(Charles Gichane) The entry of other private players in oil terminals will eventually lead to reduced fuel prices for motorists.
Petrocity Managing Director Aman Kurji noted that a key factor in determining the price of fuel by the Energy Regulatory Commission (ERC) is the trucking costs incurred during the transport of products from Mombasa to Nairobi, and the demurrages caused when vessels have to wait at the port due to lack of space at KPC tanks.
At a presentation on the new oil refinery that will be in direct competition with Kenya Petroleum Refineries Limited (KPRL), Kurji said that the refineries strategic position near the Nairobi-Mombasa highway could see Kenyan motorists save money on fuel by November this year, upon completion of the Petrocity oil terminal being built at the Greenfield terminal storage facility in Konza city.
“ERC factors into the pricing model the demurrage and they also factor in the truck transportation from Mombasa to Nairobi,” he acknowledged.
“Truck transportation is about Sh2.50 more expensive than pipeline transportations, so if this demurrage is reduced or eliminated then we’re looking at a good saving of anything from Sh2-4 per litre on the cost,” he revealed.
They have invested Sh1.5 billion into the project which began construction in January and Kurji confirmed that it’s about 50 percent complete as they plan to cater to Nairobi’s growing demand for fuel by increasing availability of petroleum products to new entrants and independent dealers, who have limited access to truck loading facilities in Nairobi.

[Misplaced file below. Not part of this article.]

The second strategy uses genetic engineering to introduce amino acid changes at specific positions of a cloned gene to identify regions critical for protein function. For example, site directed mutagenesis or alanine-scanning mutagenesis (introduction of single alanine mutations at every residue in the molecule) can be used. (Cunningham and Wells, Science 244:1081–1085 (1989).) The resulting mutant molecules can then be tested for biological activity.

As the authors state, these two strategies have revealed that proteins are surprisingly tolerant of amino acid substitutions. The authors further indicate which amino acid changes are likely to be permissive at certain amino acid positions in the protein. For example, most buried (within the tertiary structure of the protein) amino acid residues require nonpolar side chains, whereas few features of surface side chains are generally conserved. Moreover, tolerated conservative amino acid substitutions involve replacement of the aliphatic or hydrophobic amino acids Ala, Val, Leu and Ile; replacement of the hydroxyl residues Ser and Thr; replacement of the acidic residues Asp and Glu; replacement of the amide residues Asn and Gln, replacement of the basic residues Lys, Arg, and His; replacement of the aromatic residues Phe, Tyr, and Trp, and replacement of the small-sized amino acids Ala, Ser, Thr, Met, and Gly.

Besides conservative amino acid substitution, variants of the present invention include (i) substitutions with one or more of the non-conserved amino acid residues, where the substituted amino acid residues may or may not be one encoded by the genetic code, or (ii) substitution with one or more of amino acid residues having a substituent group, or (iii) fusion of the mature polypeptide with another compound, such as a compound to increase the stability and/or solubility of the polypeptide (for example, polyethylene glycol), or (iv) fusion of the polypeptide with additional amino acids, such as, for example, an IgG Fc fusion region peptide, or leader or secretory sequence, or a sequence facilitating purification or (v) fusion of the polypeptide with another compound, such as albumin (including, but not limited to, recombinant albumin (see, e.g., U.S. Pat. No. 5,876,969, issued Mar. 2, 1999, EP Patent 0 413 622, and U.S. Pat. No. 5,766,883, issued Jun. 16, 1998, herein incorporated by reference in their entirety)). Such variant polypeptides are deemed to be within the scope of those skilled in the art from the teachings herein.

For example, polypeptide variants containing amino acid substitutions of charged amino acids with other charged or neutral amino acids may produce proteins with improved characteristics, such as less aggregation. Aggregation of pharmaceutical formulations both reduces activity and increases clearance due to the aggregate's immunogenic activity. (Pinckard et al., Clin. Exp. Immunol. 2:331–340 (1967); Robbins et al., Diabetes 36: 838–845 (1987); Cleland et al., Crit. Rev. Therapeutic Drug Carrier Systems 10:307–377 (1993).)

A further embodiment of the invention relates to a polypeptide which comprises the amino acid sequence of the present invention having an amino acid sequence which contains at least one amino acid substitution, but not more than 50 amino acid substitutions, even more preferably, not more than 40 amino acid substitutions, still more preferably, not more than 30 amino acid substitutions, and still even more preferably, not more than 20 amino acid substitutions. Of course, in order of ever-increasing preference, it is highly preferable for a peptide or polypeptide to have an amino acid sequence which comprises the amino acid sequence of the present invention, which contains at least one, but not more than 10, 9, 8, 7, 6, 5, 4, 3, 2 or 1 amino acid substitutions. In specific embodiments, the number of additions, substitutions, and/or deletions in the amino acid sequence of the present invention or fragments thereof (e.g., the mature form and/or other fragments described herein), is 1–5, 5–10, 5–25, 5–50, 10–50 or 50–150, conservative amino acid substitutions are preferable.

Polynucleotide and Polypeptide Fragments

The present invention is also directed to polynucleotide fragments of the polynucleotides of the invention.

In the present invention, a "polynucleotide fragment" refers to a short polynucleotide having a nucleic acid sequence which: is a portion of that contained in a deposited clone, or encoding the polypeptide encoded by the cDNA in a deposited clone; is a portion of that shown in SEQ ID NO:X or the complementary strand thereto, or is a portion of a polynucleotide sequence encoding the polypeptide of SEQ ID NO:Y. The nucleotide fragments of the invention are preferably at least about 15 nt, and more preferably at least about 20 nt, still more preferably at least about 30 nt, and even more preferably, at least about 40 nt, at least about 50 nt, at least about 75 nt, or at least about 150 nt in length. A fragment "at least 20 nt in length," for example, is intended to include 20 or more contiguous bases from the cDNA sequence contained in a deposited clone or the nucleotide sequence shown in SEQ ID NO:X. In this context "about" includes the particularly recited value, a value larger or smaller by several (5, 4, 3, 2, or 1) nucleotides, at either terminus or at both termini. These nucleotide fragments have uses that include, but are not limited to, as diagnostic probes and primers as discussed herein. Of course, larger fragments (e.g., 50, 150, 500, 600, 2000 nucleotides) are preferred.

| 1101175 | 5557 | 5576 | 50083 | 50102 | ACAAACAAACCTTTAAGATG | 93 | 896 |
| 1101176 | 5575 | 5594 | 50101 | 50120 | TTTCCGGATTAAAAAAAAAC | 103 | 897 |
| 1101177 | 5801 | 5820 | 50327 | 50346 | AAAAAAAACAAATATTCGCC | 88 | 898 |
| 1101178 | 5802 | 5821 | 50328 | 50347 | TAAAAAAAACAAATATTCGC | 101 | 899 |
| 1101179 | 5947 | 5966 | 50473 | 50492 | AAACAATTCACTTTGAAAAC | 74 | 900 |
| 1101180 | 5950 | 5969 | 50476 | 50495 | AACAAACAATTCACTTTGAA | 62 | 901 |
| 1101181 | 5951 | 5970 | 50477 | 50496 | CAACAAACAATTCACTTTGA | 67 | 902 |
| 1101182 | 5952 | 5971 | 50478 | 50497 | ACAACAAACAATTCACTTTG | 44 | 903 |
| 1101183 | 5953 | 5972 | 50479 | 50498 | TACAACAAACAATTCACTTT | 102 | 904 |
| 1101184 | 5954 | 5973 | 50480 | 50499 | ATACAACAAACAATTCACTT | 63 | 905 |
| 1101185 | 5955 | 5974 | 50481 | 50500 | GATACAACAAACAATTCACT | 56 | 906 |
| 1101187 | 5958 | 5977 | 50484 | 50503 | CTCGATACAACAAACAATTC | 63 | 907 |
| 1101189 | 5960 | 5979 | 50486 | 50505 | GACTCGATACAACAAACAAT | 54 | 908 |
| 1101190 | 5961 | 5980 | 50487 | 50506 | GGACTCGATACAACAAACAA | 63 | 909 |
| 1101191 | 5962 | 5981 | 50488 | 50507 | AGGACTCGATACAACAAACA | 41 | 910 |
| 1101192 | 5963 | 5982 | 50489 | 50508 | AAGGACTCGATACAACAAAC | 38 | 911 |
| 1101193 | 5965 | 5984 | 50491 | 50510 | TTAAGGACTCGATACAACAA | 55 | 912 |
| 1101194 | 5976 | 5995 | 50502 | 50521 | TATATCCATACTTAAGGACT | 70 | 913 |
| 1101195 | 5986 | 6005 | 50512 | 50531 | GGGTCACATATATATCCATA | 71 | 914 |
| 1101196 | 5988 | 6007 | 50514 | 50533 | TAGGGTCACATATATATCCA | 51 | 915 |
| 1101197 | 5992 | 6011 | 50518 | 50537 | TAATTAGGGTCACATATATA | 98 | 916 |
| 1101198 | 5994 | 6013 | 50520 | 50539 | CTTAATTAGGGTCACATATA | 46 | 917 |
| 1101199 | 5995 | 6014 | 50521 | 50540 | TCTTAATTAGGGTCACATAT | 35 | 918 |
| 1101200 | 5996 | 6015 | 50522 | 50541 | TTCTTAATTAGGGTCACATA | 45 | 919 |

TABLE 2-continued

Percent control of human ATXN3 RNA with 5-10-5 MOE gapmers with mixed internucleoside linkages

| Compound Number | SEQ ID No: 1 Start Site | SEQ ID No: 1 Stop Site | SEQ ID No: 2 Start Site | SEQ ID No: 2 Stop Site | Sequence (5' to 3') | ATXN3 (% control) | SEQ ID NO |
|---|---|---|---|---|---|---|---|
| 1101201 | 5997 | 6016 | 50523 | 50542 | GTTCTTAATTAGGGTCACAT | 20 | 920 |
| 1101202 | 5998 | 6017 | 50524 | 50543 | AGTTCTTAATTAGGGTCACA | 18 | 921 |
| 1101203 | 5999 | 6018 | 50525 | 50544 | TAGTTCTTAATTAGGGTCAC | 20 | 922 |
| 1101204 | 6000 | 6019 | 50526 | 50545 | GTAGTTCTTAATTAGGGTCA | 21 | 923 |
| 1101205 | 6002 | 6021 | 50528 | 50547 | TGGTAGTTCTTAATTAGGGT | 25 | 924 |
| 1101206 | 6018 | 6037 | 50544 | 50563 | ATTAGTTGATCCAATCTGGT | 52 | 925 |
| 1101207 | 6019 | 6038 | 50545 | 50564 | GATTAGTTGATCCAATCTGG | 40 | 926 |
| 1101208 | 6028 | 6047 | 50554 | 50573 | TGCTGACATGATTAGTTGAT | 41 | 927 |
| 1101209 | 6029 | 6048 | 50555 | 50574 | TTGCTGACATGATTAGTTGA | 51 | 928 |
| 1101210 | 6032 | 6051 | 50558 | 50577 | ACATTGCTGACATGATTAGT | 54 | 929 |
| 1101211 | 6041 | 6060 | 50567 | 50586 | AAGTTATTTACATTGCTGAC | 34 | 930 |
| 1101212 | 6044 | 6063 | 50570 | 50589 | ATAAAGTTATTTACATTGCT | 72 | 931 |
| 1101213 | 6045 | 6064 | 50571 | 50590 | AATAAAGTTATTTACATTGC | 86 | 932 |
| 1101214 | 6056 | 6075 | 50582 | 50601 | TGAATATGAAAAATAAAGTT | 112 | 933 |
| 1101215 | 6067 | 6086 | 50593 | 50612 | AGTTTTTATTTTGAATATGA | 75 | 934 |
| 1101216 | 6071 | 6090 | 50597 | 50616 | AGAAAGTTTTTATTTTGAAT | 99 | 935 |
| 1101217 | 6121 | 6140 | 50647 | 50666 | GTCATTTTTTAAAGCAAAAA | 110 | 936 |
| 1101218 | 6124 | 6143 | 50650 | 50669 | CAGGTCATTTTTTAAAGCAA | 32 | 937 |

Kurji said that the introduction of a new oil refinery will help the country because the competition will greatly benefit consumers and oil marketers.
“Companies are seeking to reduce their reliance on the Kenya Pipeline Company (KPC) to avoid inconveniences that come with lack of capacity,” he stated.
“Independent oil marketers and trading companies are therefore investing in new storage facilities in a move to stabilize their supplies and cut expenses,” he confirmed.
The project will have two phases, in which 12 tanks with a capacity to store up to 150 million litres will be built for the storage of gasoline, diesel and kerosene.
If a shipment is delayed, they will have one month’s stock to fall back on and Kurji revealed that after the second phase is completed, they will have two months of stock cover for Nairobi.
“We hope to create a strategic reserve for Kenya in the tune of 120-150 million litres which we can fall back on should a vessel delay or if there are any pumping problems from Mombasa,” he said.
“Nairobi is 65 percent of the market and it will have access to stock which is only 70 kilometres from the city, making it easily accessible,” he added.
Petrocity will have a highly advanced stock controlling computerized system set up by the major American conglomerate company Honeywell, to provide oil marketers with live and up-to-date stock positions instantly.
The complete package to be supplied by Honeywell includes the pipeline receipt system, tank farm, truck loading system and terminal automation.